The earliest ever recorded case of the genetic condition Klinefelter Syndrome has just been discovered – in a 1,000-year-old skeleton excavated from an archeological site in Portugal.
Occurring in around one in every thousand male births, Klinefelter Syndrome is a condition where individuals are born with an extra copy of the X chromosome – resulting in an XXY combination.
While it often doesn’t produce any obvious symptoms (many cases are never diagnosed), males with the condition are typically tall, with broad hips and sparse body hair. The condition has also been linked to infertility, a lower sex drive, and a slightly increased risk of type 2 diabetes.
This latest discovery will now help experts chart the prevalence of Klinefelter Syndrome over the centuries.
A multidisciplinary approach covering genetic, statistical, archaeological and anthropological data was required to reach the diagnosis.
After the retrieved skeleton was radiocarbon dated to the 11th century, the team undertook a DNA analysis. Part of that analysis involved computationally mapping fragments of X and Y chromosomes to the reference human genome.
“We were immediately excited the first time we looked at the results,” says evolutionary biologist João Teixeira from the Australian National University.
“However, ancient DNA is often degraded and of low quality and abundance, meaning we were initially cautious.”
Using the Bayesian inference model and a bespoke approach, the researchers were able to be more sure about their diagnosis by comparing their results against a theoretical XXY karyotype (a full set of chromosome information with the additional X).
In other words, probability modeling was used to fill in some of the gaps in the DNA record, confirming there was a different ratio of genes between those that belonged to the Y and X chromosomes.
This same approach could be improved and expanded to analyze DNA in other cases where only fragments are available, according to the researchers – from modern-day crime scenes to archeological digs.
“Given the fragile state of the DNA, we developed a new statistical method that could take into account the characteristics of ancient DNA and our observations to confirm the diagnosis,” says Teixeira.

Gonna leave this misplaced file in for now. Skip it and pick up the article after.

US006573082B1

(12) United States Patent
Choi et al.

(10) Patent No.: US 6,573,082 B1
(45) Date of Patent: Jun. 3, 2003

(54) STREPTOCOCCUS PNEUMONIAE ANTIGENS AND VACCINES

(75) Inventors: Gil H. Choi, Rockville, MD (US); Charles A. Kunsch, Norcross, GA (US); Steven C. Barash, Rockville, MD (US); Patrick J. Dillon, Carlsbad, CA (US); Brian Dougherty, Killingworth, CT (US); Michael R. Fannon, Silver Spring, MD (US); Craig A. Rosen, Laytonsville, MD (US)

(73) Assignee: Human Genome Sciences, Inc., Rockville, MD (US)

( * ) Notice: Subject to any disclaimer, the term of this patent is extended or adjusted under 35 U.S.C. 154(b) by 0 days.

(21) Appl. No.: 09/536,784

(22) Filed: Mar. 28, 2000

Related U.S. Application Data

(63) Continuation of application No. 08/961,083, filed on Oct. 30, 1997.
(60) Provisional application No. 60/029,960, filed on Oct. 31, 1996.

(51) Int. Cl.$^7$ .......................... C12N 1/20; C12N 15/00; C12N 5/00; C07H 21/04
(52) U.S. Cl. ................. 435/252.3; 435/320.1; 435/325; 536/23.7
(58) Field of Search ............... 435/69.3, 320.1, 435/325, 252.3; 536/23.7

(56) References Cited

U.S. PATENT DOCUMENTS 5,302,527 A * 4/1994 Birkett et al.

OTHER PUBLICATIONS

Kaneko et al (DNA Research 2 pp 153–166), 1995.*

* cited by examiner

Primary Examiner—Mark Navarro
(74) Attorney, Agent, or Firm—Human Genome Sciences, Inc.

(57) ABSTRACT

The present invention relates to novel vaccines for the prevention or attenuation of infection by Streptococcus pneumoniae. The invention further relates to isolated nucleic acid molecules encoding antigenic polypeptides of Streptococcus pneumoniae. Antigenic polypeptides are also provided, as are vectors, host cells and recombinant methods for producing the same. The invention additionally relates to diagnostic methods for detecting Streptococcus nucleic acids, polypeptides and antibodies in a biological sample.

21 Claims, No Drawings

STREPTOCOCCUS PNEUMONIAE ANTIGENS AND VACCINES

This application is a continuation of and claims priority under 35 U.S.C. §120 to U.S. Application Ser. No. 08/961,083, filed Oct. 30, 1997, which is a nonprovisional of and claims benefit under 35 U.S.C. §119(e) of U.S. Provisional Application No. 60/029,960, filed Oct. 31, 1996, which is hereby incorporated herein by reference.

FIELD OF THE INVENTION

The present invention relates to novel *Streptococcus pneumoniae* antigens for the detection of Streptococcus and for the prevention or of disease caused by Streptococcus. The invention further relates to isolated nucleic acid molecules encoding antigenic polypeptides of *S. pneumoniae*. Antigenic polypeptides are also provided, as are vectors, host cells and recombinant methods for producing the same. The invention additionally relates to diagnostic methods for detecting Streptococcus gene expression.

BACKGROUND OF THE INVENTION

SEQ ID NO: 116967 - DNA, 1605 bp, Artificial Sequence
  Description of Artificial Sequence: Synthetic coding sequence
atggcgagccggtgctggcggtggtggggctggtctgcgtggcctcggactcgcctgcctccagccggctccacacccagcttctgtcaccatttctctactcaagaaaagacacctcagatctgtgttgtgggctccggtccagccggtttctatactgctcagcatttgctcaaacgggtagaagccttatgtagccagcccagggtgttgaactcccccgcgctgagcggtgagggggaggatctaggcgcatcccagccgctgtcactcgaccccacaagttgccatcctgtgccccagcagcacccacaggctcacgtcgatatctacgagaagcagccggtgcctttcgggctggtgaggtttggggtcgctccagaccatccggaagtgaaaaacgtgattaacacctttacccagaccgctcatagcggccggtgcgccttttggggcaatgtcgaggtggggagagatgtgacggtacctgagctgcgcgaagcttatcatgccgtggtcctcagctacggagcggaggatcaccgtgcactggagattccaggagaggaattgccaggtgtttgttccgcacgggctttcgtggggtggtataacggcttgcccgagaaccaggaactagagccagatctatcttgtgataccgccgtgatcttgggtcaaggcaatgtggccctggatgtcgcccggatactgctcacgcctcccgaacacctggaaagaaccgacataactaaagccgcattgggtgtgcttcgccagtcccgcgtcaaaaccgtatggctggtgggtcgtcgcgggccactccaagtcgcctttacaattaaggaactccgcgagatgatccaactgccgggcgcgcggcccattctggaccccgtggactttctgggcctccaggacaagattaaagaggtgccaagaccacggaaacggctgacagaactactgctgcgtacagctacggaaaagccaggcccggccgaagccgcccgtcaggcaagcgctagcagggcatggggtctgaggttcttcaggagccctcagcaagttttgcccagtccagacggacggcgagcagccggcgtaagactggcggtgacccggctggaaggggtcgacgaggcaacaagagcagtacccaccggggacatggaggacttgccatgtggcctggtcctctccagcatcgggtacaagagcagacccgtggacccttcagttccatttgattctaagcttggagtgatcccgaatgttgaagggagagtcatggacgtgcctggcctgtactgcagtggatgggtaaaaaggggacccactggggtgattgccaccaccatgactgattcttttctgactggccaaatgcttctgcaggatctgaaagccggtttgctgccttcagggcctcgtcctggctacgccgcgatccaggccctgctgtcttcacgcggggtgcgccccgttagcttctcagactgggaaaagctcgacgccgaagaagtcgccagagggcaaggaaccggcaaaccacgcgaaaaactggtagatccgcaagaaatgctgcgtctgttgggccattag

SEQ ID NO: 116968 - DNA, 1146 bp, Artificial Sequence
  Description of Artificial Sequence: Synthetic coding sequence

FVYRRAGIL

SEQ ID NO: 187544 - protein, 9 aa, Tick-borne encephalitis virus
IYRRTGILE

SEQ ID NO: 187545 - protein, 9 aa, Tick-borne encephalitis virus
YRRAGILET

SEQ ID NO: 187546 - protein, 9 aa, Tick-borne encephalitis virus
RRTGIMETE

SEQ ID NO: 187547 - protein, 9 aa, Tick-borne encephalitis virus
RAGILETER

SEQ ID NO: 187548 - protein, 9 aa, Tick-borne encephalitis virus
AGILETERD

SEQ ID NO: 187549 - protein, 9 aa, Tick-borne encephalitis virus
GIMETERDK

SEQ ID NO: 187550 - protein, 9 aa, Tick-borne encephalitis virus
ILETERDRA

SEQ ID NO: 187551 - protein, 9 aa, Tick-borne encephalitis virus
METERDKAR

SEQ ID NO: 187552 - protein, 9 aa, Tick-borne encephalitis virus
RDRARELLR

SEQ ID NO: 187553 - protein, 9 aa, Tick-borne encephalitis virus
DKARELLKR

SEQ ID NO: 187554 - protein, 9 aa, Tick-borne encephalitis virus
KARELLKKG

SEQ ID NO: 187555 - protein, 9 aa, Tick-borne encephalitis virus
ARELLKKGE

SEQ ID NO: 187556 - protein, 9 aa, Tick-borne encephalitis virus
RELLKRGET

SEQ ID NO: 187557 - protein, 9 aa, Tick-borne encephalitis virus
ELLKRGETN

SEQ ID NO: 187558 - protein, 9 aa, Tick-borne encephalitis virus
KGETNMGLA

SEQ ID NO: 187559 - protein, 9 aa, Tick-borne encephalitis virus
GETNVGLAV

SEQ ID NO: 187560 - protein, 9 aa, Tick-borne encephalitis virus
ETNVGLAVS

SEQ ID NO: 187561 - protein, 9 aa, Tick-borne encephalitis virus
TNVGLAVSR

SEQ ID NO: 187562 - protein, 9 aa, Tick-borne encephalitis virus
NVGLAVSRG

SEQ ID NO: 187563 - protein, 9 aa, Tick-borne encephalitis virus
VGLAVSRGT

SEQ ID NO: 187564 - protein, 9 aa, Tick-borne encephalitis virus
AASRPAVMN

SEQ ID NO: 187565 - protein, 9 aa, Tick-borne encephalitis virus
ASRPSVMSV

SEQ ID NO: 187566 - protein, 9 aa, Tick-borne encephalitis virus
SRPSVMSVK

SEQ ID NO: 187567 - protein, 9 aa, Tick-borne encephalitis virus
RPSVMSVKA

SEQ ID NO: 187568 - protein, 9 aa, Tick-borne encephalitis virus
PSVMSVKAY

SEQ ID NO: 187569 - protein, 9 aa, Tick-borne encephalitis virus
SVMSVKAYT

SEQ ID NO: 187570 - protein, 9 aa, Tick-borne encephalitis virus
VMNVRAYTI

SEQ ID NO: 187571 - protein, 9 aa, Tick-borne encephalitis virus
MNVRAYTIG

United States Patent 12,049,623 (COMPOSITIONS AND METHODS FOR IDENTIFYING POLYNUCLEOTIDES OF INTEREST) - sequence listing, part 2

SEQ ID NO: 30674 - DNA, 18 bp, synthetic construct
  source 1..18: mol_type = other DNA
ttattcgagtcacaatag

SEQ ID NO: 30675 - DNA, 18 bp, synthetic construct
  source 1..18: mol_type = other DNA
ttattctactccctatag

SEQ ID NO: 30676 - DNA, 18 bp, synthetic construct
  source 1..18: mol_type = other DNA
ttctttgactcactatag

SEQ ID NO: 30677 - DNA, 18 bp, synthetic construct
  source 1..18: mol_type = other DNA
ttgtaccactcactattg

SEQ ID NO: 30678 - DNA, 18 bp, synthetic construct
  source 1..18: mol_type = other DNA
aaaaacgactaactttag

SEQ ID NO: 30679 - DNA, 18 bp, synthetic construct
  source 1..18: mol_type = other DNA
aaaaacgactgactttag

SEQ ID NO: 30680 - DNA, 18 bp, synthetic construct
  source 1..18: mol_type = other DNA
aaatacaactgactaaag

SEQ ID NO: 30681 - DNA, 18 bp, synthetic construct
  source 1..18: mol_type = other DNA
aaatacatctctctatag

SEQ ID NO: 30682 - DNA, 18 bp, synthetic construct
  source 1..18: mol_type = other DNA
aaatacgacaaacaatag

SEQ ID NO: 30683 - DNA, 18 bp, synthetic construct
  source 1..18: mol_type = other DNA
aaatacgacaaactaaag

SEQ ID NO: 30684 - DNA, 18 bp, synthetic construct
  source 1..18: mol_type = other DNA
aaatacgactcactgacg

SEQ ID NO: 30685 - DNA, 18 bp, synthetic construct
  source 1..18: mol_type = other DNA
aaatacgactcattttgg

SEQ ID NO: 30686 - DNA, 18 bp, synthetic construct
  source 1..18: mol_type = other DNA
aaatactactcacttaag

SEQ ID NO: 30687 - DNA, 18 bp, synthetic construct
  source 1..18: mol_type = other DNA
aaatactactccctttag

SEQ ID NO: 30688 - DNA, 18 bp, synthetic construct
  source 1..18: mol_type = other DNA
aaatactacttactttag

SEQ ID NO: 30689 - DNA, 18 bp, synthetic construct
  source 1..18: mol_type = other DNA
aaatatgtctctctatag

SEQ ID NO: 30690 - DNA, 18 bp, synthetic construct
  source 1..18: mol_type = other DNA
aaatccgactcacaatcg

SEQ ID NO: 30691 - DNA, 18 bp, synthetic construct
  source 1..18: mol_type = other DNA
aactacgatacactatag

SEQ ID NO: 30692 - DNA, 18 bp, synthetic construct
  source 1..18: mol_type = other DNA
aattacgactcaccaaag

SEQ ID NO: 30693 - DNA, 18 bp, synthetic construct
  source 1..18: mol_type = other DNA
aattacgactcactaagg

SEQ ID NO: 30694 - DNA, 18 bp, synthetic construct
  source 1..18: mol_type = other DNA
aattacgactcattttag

An observational study of the skeleton also revealed characteristics consistent with Klinefelter Syndrome – including taller than average height, broader than average hips, and a misalignment of the jaw and teeth.
The skeleton itself was well-preserved, the researchers report, taken from the Torre Velha site in north-eastern Portugal. It likely belonged to an adult male more than 25 years old at the time of his death, who was approximately 180 centimeters tall.
While Klinefelter Syndrome was originally identified in 1942, no ancient cases have previously been documented, making this easily the earliest case on record – and offering up some clues to help experts better understand it.
The researchers are keen to emphasize how important it was to use different lines of evidence using different fields of scientific study to figure out that this skeleton did indeed come from someone with Klinefelter Syndrome.
Thanks to the genetic analysis techniques scientists now have access to, ancient DNA is being used to make all kinds of discoveries: covering animal evolution, the history of humans, the spread of disease and much more besides.
“In recent years, ancient DNA helped rewrite the history of worldwide human populations,” says paleogeneticist Bastien Llamas from the University of Adelaide in Australia.
“Our study demonstrates it is now a valuable resource for biomedical research and the growing field of evolutionary medicine.”
The research has been published in The Lancet.